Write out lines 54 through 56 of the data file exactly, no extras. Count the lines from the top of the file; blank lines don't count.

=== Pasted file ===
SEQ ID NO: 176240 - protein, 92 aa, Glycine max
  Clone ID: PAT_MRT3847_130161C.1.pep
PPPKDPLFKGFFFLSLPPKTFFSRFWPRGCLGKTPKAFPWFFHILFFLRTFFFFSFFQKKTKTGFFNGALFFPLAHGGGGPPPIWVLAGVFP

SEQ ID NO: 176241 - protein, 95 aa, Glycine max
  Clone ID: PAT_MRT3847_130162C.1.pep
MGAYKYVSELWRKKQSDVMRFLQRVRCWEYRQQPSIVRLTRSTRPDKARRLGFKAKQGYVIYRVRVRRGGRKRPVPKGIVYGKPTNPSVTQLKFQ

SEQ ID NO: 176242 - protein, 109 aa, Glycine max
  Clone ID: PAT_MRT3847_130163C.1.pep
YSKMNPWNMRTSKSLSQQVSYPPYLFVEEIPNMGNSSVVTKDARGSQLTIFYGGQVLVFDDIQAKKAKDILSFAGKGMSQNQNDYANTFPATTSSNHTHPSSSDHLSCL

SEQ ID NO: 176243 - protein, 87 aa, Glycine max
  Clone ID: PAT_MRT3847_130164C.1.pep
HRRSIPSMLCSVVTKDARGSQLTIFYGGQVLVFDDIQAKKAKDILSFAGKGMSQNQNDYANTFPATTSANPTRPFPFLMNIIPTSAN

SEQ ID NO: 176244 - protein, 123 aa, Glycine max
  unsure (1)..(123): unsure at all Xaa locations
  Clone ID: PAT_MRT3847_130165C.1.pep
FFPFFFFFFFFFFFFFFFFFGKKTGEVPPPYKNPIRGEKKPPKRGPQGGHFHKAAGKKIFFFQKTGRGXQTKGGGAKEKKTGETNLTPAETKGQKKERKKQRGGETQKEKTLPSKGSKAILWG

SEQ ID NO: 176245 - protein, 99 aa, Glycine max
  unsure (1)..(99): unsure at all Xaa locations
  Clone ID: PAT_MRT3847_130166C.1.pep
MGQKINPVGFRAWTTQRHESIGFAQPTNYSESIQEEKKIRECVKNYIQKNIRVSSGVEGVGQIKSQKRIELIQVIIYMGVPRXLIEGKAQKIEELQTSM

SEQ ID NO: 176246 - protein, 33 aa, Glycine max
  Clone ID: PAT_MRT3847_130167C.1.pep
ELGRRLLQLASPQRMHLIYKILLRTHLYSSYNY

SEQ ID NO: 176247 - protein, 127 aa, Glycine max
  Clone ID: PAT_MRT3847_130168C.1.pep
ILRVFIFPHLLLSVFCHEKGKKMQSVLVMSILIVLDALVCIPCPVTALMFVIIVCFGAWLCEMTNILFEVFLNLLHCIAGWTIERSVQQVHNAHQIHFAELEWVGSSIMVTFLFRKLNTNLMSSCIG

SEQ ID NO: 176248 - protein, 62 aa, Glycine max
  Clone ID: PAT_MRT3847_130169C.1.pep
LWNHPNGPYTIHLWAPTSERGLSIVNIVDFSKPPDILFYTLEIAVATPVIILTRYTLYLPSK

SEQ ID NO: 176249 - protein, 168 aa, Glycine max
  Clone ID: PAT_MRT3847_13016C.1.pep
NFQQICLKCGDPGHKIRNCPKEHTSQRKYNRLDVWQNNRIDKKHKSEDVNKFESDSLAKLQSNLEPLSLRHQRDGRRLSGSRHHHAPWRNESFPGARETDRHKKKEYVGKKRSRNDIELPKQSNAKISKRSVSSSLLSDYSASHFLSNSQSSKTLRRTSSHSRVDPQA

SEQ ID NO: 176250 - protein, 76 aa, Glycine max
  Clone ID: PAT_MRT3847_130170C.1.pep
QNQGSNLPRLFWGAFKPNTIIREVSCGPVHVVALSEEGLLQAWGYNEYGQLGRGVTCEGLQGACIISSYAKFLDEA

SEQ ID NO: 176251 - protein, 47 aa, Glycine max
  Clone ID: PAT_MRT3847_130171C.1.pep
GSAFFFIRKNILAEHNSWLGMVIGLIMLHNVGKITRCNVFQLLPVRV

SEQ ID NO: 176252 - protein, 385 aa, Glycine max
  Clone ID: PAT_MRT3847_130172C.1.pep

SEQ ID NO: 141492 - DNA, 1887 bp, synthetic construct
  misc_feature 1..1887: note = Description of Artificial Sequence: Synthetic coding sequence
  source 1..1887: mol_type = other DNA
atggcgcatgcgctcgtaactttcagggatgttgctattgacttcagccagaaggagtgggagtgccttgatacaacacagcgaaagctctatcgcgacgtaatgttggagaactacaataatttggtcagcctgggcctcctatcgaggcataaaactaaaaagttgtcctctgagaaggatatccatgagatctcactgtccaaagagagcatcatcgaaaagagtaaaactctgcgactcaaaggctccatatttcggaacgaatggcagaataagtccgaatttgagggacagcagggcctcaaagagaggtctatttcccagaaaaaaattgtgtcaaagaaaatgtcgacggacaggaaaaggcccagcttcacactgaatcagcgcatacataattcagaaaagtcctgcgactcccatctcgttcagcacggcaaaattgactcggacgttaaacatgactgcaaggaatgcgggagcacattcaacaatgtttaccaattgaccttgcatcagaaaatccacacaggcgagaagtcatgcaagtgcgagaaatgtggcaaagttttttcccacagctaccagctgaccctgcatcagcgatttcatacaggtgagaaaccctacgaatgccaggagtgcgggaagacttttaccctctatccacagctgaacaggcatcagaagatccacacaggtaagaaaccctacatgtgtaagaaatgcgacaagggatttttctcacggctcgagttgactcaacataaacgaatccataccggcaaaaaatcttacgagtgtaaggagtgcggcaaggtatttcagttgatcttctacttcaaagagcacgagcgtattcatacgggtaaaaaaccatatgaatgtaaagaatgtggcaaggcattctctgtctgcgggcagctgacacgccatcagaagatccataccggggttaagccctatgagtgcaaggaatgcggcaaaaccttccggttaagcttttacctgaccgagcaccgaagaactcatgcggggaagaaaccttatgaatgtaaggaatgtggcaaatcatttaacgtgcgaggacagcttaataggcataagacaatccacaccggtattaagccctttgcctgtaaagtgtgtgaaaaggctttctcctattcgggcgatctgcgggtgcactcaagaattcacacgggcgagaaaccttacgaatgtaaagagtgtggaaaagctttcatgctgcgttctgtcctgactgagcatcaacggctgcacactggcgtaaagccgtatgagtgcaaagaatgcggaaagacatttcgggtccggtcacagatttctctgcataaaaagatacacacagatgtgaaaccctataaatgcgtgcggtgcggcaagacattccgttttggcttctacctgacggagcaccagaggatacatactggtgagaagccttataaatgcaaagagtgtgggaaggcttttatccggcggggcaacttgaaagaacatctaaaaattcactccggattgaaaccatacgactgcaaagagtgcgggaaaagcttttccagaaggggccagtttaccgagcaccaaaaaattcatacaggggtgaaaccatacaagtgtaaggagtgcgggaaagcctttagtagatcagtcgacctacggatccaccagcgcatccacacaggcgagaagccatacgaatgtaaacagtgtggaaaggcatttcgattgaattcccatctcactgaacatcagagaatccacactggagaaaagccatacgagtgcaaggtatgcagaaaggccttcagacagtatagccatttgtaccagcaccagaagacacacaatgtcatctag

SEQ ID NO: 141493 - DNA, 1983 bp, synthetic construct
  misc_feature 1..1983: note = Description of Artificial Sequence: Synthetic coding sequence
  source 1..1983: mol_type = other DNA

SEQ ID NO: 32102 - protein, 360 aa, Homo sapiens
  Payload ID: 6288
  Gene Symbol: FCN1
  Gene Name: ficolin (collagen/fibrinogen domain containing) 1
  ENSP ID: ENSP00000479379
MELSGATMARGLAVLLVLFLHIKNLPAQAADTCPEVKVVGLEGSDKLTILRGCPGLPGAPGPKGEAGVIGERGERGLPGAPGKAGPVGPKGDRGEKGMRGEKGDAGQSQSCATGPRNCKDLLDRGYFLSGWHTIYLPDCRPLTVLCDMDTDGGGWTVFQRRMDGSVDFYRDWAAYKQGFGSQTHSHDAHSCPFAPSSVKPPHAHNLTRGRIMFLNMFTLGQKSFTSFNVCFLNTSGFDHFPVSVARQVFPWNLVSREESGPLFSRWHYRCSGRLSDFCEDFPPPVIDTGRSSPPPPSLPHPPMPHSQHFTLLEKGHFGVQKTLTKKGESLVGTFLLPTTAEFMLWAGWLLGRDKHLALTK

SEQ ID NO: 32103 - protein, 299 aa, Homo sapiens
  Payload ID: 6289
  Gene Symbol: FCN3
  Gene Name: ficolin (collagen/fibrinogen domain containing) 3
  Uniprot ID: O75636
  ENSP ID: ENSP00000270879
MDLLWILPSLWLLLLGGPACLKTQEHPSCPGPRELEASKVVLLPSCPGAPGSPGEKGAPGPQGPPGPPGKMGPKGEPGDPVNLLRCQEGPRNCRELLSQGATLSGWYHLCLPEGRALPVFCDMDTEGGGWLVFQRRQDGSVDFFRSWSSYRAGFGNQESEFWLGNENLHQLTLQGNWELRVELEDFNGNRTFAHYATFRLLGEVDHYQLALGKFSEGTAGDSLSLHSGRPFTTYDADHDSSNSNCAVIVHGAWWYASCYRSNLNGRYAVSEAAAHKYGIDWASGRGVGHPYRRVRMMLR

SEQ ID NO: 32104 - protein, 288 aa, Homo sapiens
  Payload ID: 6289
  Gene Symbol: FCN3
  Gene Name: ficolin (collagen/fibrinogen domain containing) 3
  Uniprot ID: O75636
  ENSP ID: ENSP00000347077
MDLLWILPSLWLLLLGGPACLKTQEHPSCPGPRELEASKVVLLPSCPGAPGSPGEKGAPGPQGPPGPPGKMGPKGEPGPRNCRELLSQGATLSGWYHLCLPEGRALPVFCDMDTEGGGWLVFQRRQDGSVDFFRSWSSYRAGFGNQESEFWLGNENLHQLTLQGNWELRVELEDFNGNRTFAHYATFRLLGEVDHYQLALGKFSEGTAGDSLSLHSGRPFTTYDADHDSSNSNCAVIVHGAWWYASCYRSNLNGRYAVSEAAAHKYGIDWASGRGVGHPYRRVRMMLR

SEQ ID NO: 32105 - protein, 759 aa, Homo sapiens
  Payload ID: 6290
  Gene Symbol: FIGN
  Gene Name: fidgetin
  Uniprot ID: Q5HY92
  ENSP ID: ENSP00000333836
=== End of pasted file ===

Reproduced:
SEQ ID NO: 32103 - protein, 299 aa, Homo sapiens
  Payload ID: 6289
  Gene Symbol: FCN3